Taste-wise, it’s definitely berry-flavoured. Not any specific berry, but very similar to mixed-berry yoghurt. However, it’s much too mild (though this may be due to the chalkiness). There’s some aftertaste, but dissipates within minutes. Again, while this isn’t unpleasant, it’s not incredible. About halfway through the stick, there is a noticeable sticky feeling in the mouth. I can tell you, this is definitely unpleasant.
My verdict? Well, it’s rather bland. Nothing about the Scottish Soft Rock really jumps out as a highlight. While it’s pleasant enough, you wouldn’t actually eat this for the taste, the novelty, or even for the mouth-feel (definitely not for the mouth-feel). I can’t be sure why it exists.
The Barratt Sherbet Fountain is a sadly overlooked treat nowadays. It’s such a simple concept – cardboard tube of sherbet, eaten with the help of a licorice stick. And there may be a good reason for this – It doesn’t always work. Opening my Sherbet Fountain, I find the licorice stick trapped in a hardened lump of sherbet, only able to be freed with much squeezing of the cardboard. Sugar consumption shouldn’t be this difficult.
The other problem is that licorice is not a reliable dipping tool. As it’s quite a soft substance, it bends when it hits the sherbet, instead of slicing through and catching a decent amount of the fizzy sugar. This is why Wizz-Fizz was so popular – the dipper was plastic, and hard enough to probe the sherbet.
Though I would like to be able to say I’m enjoying this Sherbet Fountain, I’m afraid I can’t. Why? Because there’s little payoff for the amount of work put in to catching the sherbet. The licorice is much too bendy to have any scooping power, only picking up a few particles on its tip. This bendiness only increases over time, as holding the licorice only serves to heat it up. Furthermore, the licorice flavour is much too strong and salty, effectively overpowering the delicate fizz of what little sherbet it delivers.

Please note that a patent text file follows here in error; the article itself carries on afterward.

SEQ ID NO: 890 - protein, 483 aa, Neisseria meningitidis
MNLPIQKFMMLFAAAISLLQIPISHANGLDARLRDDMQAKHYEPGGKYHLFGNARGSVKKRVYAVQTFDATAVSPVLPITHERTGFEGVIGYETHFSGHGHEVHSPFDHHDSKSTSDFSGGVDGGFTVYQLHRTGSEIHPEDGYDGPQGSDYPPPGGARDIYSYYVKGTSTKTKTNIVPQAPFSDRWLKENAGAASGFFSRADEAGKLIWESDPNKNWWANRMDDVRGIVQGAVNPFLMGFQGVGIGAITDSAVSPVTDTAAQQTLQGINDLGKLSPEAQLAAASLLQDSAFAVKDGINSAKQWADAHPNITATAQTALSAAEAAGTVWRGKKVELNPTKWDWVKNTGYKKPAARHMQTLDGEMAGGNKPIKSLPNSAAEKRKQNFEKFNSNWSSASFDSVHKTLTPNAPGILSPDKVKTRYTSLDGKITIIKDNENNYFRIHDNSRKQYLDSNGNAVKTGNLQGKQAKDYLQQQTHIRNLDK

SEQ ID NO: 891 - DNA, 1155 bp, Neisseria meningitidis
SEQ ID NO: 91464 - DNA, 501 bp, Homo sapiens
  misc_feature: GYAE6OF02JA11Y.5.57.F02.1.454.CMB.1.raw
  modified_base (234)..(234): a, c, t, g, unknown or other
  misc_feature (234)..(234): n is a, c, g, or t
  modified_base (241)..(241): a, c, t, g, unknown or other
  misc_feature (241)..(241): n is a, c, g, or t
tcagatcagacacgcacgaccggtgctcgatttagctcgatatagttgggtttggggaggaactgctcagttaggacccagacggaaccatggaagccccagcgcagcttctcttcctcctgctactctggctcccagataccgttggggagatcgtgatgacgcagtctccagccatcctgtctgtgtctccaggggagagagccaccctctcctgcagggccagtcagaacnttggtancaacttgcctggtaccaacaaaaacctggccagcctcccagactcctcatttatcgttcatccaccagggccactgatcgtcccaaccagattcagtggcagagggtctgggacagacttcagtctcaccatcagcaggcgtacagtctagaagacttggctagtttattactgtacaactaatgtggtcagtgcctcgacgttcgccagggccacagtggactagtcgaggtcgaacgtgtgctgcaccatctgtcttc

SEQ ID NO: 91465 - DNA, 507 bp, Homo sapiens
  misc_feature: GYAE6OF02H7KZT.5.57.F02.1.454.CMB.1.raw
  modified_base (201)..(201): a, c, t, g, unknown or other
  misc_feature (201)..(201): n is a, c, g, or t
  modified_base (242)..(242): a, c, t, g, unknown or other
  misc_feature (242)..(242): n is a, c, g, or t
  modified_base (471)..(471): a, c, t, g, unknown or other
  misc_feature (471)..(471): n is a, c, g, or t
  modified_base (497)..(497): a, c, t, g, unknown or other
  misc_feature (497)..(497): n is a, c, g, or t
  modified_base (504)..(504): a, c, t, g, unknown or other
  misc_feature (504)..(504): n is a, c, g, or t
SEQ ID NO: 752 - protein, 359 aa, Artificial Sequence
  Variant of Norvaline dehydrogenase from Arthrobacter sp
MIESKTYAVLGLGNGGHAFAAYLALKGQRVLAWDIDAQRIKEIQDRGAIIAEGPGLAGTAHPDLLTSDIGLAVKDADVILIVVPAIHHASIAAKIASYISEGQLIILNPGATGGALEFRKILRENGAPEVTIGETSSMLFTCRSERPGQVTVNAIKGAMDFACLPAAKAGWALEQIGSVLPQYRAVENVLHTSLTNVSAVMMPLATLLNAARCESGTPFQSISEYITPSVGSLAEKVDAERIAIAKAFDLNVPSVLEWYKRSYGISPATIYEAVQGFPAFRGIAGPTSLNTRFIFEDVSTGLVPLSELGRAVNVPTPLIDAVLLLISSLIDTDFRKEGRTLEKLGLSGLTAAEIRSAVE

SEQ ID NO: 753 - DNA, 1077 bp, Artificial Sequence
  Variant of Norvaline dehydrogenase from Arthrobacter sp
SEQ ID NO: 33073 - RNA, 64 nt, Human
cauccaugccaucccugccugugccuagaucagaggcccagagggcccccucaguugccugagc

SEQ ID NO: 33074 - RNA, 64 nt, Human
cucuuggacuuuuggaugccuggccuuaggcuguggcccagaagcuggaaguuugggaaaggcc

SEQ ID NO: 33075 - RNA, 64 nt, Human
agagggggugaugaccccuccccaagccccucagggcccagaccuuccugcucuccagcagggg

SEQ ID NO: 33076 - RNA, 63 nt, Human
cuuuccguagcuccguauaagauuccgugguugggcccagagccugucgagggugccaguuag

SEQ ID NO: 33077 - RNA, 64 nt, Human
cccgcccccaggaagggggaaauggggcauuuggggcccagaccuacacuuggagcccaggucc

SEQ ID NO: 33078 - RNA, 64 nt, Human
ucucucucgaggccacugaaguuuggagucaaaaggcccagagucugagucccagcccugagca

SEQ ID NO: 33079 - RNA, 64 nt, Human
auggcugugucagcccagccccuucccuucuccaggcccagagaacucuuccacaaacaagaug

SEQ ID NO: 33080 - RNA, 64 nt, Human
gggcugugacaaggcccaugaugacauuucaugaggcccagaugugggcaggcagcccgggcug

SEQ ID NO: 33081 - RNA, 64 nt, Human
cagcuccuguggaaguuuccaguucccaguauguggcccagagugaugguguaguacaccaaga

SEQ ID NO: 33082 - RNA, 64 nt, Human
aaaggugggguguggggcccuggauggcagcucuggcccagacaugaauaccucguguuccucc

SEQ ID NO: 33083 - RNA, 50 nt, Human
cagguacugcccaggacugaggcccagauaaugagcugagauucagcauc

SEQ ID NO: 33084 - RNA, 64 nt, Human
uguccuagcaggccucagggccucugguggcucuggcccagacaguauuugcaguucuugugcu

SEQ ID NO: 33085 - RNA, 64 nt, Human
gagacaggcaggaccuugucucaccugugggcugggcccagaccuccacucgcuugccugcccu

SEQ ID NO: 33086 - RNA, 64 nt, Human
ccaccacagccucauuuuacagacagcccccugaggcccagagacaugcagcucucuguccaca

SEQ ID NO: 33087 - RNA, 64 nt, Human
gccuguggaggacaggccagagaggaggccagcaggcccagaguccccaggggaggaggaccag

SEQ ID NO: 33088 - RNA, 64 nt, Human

The sherbet, with its lemony fizz, leaves a freshness in the mouth, though it is negated by the earthy tones of the licorice.
Quite simply, the Barratt Sherbet Fountain is a good (or even great) concept, but poorly implemented. Licorice is not a good eating tool, and especially not in conjunction with sherbet. However, eating the licorice then the sherbet separately is a bit of fun.
Tizer. A drink that I’ve known about since I was three years old, but one which I’ve never tasted. According to the slogan on the can, it tastes red. It smells excruciatingly sweet, which can probably be explained by the sugar and sweetener that are both listed on the can.
It’s highly carbonated, much fizzier than Coca Cola or any sorts of soft drink we have here in Australia. I don’t usually feel the need to burp after drinking soft drink, but Tizer brings this feeling on after a few small sips.
How does it taste? Well, it tastes like sugar. There’s no real flavour to Tizer except for that of ‘sweet’. It could be said to be a tiny bit fruity, but whatever fruity taste there is, it’s overshadowed by the cloying stickiness of the sugar. It is actually making me feel nauseous, and I have a bit of a headache.
So, after waiting eighteen years for it, I can safely say that I never want to drink Tizer again. It’s like drinking carbonated cough syrup. Blech!
OK, that’s the sugary sweets done. I have a headache. Yuk. Chocolates on their way!